We tested the effectiveness of a course-long intervention in an undergraduate Research Methods course aimed toward reducing students' endorsement of hostile sexism (HS) and benevolent sexism (BS). Reading assignments illustrating diverse research methodologies, lecture examples, and a hands-on research project designed by student teams focused on…

  16. Advancing psychotherapy and evidence-based psychological interventions

    NARCIS (Netherlands)

    Emmelkamp, P.M.G.; David, D.; Beckers, T.; Muris, P.; Cuijpers, P.; Lutz, W.; Andersson, G.; Araya, R.; Banos Rivera, R.M.; Barkham, M.; Berking, M.; Berger, T.; Botella, C.; Carlbring, P.; Colom, F.; Essau, C.; Hermans, D.; Hofmann, S.G.; Knappe, S.; Ollendick, T.H.; Raes, F.; Rief, W.; Riper, H.; van der Oord, S.; Vervliet, B.

    2014-01-01

    Psychological models of mental disorders guide research into psychological and environmental factors that elicit and maintain mental disorders as well as interventions to reduce them. This paper addresses four areas. (1) Psychological models of mental disorders have become increasingly

  17. Advancing psychotherapy and evidence-based psychological interventions

    NARCIS (Netherlands)

    Emmelkamp, P.M.G.; David, D.; Beckers, T.; Muris, P.; Cuijpers, P.; Lutz, W.; Andersson, G.; Araya, R.; Banos Rivera, R.M.; Barkham, M.; Berking, M.; Berger, T.; Botella, C.; Carlbring, P.; Colom, F.; Essau, C.; Hermans, D.; Hofmann, S.G.; Knappe, S.; Ollendick, T.H.; Raes, F.; Rief, W.; Riper, H.; van der Oord, S.; Vervliet, B.

    2014-01-01

    Psychological models of mental disorders guide research into psychological and environmental factors that elicit and maintain mental disorders as well as interventions to reduce them. This paper addresses four areas. (1) Psychological models of mental disorders have become increasingly transdiagnost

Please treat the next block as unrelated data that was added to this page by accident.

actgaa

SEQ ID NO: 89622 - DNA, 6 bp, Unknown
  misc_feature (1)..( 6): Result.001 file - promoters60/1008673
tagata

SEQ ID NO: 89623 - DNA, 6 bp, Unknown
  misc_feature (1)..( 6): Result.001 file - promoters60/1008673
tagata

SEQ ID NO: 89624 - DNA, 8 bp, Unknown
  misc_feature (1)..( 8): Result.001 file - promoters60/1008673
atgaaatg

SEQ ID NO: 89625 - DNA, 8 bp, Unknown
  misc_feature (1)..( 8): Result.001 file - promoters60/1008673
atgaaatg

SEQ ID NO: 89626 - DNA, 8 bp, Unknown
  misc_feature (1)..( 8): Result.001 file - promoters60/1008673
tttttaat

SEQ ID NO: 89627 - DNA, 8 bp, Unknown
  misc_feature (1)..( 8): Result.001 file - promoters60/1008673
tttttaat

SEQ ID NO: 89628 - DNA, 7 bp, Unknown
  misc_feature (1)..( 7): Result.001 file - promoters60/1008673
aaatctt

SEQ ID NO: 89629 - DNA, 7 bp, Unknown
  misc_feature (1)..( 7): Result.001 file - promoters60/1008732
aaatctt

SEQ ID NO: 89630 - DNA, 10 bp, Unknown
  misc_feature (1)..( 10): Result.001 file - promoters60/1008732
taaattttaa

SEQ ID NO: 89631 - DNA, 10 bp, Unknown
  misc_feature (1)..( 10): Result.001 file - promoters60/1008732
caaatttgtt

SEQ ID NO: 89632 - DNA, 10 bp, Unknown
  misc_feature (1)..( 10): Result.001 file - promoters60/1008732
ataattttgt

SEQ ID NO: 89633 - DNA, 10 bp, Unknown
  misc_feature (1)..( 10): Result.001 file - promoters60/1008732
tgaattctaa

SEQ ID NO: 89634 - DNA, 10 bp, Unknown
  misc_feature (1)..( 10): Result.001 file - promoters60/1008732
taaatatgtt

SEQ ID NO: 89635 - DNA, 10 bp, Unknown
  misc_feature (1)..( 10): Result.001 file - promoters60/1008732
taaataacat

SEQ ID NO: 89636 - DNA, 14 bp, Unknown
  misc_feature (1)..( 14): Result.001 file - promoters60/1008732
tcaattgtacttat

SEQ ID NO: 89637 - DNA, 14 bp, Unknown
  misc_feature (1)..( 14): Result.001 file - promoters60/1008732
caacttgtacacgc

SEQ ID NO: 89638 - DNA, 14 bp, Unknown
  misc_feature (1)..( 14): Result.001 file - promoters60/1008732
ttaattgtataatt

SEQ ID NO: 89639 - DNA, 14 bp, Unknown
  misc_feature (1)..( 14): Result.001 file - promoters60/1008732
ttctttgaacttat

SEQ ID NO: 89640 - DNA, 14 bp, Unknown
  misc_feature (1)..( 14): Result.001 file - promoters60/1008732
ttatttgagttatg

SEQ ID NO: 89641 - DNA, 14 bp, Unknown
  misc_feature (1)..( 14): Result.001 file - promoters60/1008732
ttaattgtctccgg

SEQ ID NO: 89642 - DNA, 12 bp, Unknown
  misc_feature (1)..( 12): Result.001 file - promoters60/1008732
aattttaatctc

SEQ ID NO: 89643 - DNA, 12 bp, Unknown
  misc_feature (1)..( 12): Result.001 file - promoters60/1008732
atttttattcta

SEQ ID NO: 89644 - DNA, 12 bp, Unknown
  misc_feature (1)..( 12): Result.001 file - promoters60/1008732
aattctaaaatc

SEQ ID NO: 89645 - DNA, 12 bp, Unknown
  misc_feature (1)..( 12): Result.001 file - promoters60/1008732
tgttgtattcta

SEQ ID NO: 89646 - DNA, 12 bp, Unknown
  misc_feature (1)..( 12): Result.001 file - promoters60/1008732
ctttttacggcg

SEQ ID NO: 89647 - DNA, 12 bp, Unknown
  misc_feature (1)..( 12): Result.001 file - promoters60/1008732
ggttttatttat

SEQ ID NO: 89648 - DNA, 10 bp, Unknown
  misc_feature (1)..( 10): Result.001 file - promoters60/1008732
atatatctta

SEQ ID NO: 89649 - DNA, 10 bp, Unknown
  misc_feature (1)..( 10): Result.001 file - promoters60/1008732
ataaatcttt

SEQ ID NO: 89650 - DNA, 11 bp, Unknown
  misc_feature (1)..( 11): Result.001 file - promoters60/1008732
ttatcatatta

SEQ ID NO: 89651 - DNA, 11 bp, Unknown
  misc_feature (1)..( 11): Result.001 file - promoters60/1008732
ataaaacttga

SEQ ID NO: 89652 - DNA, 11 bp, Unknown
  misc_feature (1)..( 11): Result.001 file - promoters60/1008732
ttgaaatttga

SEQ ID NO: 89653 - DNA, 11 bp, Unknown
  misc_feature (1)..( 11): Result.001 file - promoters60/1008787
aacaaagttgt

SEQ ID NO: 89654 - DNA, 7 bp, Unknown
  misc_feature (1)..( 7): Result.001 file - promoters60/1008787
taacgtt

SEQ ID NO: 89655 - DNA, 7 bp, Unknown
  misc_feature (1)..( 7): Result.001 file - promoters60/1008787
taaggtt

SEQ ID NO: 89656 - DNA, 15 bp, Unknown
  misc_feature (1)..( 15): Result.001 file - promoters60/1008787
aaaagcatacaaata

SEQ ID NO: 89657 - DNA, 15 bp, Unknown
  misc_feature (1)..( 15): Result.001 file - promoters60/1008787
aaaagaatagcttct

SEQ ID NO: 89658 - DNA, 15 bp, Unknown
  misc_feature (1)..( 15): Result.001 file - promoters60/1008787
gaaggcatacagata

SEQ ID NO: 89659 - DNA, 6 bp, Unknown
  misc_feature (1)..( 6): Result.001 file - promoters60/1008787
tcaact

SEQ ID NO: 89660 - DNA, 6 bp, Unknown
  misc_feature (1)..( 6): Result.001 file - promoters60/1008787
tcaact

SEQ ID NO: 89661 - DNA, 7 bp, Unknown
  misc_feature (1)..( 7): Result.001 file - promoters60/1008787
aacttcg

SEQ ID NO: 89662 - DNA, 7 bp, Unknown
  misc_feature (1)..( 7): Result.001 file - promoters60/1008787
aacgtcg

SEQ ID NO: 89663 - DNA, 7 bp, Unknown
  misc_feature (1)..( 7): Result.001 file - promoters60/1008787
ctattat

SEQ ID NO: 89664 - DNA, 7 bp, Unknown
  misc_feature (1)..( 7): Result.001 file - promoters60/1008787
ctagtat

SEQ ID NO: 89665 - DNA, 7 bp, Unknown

18. Implementation intention and planning interventions in Health Psychology: Recommendations from the Synergy Expert Group for research and practice.

    Science.gov (United States)

    Hagger, Martin S; Luszczynska, Aleksandra; de Wit, John; Benyamini, Yael; Burkert, Silke; Chamberland, Pier-Eric; Chater, Angel; Dombrowski, Stephan U; van Dongen, Anne; French, David P; Gauchet, Aurelie; Hankonen, Nelli; Karekla, Maria; Kinney, Anita Y; Kwasnicka, Dominika; Hing Lo, Siu; López-Roig, Sofía; Meslot, Carine; Marques, Marta Moreira; Neter, Efrat; Plass, Anne Marie; Potthoff, Sebastian; Rennie, Laura; Scholz, Urte; Stadler, Gertraud; Stolte, Elske; Ten Hoor, Gill; Verhoeven, Aukje; Wagner, Monika; Oettingen, Gabriele; Sheeran, Paschal; Gollwitzer, Peter M

    2016-07-01